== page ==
‘Cobwebs in my brain, dust devils under my bed’
There’s an old saying, scary-biblical in nature, that goes something like “we come from dust, and to dust we shall return.” Which reminds me of the old joke about the kid who asks his mom if that saying is true and then cracks, “Well, gosh Mom. It looks like somebody’s either coming or going under my bed.”
I’m glad that smart-alecky kid isn’t anywhere near my house these days because it looks like I’m saying hello or goodbye to a whole Henry Reunion.
See, my theory on cleaning, which you can read about in detail in “To Clean, Or Not To Clean?” is, in a nutshell, that you don’t clean before company arrives — you clean after they leave. My wise Middle Younger Brother Roger is the one who wised me up, pointing out that cleaning thoroughly in advance of guests makes you, the host, uptight. As in “I just Windexed that coffee table, and he’s putting a wet glass on it.”
Besides, if you wait to clean after guests are gone, you can simultaneously banish all traces of their visit — “Her precious little head was just sleeping on that pillow” — and get things ready for the next set of intruders. Er, guests.
This cleaning plan works pretty well if you have guests a lot of the time. But, because we’ve been gone a bunch (See “Galapagone” and “Two Weddings Are Better Than One” for what we’ve been up to), there’s been rather a guest dry spell.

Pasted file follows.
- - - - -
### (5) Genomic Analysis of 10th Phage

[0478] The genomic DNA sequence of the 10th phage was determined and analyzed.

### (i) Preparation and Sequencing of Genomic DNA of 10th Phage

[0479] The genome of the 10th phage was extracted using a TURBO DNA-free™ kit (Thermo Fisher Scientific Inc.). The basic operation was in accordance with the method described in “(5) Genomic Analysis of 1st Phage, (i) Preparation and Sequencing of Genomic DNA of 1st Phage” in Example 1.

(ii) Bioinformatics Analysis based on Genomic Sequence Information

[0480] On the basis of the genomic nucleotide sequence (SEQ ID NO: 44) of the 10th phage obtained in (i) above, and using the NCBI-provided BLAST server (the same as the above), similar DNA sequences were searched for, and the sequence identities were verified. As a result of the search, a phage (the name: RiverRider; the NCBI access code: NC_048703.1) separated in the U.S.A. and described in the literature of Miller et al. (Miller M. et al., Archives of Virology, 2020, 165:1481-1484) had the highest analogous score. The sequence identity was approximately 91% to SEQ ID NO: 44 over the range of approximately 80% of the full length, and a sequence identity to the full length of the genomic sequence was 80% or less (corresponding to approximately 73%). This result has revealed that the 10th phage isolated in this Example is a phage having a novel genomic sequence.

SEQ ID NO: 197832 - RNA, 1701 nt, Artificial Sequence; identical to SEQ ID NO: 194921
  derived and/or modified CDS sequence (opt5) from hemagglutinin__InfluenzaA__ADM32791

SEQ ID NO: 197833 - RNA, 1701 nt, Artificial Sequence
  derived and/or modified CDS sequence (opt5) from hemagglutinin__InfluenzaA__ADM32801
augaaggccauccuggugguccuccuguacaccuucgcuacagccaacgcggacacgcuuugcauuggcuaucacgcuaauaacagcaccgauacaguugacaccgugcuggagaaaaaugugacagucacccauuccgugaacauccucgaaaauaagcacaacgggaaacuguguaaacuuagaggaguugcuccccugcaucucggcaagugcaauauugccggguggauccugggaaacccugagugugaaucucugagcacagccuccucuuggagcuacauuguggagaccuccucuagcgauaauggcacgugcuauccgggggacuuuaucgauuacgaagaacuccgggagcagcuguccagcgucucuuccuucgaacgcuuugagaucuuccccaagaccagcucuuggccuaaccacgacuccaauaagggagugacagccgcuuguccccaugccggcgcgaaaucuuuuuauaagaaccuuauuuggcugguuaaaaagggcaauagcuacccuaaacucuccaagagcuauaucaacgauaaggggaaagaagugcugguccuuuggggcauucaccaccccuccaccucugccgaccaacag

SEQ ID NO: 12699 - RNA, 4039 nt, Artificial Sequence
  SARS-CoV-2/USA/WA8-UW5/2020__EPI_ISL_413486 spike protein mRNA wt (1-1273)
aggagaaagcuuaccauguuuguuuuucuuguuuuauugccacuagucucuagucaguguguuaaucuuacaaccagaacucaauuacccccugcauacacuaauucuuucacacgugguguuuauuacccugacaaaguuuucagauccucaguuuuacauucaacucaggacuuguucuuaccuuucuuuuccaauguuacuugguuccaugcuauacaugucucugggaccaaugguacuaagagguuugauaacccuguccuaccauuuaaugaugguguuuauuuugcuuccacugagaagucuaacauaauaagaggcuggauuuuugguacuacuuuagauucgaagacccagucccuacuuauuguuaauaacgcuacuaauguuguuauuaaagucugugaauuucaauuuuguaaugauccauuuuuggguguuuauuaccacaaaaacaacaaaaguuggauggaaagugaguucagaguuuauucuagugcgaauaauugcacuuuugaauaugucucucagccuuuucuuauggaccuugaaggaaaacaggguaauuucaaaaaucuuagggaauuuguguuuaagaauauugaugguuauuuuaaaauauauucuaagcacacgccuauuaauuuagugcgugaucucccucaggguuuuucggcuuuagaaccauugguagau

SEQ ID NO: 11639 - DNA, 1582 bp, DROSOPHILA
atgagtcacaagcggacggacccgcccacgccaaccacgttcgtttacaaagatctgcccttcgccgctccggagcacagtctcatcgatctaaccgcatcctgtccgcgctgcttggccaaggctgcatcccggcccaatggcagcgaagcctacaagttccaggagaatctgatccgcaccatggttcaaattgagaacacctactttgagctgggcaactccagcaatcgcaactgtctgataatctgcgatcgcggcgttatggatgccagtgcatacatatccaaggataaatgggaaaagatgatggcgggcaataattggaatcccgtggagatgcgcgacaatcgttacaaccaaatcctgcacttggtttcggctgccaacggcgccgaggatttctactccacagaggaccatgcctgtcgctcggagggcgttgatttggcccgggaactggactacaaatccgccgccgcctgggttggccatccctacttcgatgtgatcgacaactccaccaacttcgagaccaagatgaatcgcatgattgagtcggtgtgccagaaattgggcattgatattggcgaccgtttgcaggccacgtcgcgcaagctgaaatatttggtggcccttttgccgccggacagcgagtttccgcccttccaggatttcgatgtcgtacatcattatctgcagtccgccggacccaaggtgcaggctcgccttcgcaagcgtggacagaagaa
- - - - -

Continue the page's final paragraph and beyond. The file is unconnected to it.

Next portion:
Which means there’s been a rather long time since the house has seen its last between-guests cleaning. It’s dirty enough around here now to inspire nightmares. The kind where I’m trying to tackle the dust and debris but keep being thwarted. I wake myself up trying to find the missing Lysol.
Last night I had a doozy. See, I’ve been catching up with The Crown on Netflix in honor of Her Late Great Majesty. I’m up to the part where Charles has met Diana and asked her to Balmoral for the weekend. His Dad is walking through a field, chatting with (er, grilling) Diana. “What do you do?” he asks. “I clean,” she answers, and proceeds to tell him she does housecleaning for her older sister. “Are you good at that?” “I actually like it,” she admits.
Well, I’m very good at cleaning too. In fact, once when I was unemployed, I seriously considered starting a business called Executive Cleaning. (Because I was an executive who cleans.) My selling point? You can read about it in “I Love The Smell of Soft Scrub in The Morning,” but basically, I would charge not by the hour or the day but by how clean you wanted it. The cheapest being “Lick and a Promise.” The priciest? “Mother-In-Law Visit.”
So if I’m so all-fired good at cleaning, why don’t I just haul myself up off this couch and do it? Well, for one thing I’m not sure if the timing’s good. We’re going to be away again soon. Do I clean before we go, so it’s nice and clean when we get back? Or will it just get dirty again while we’re gone?
Let’s see how I feel after I make a dump run.
Amagansett, New York. October 2022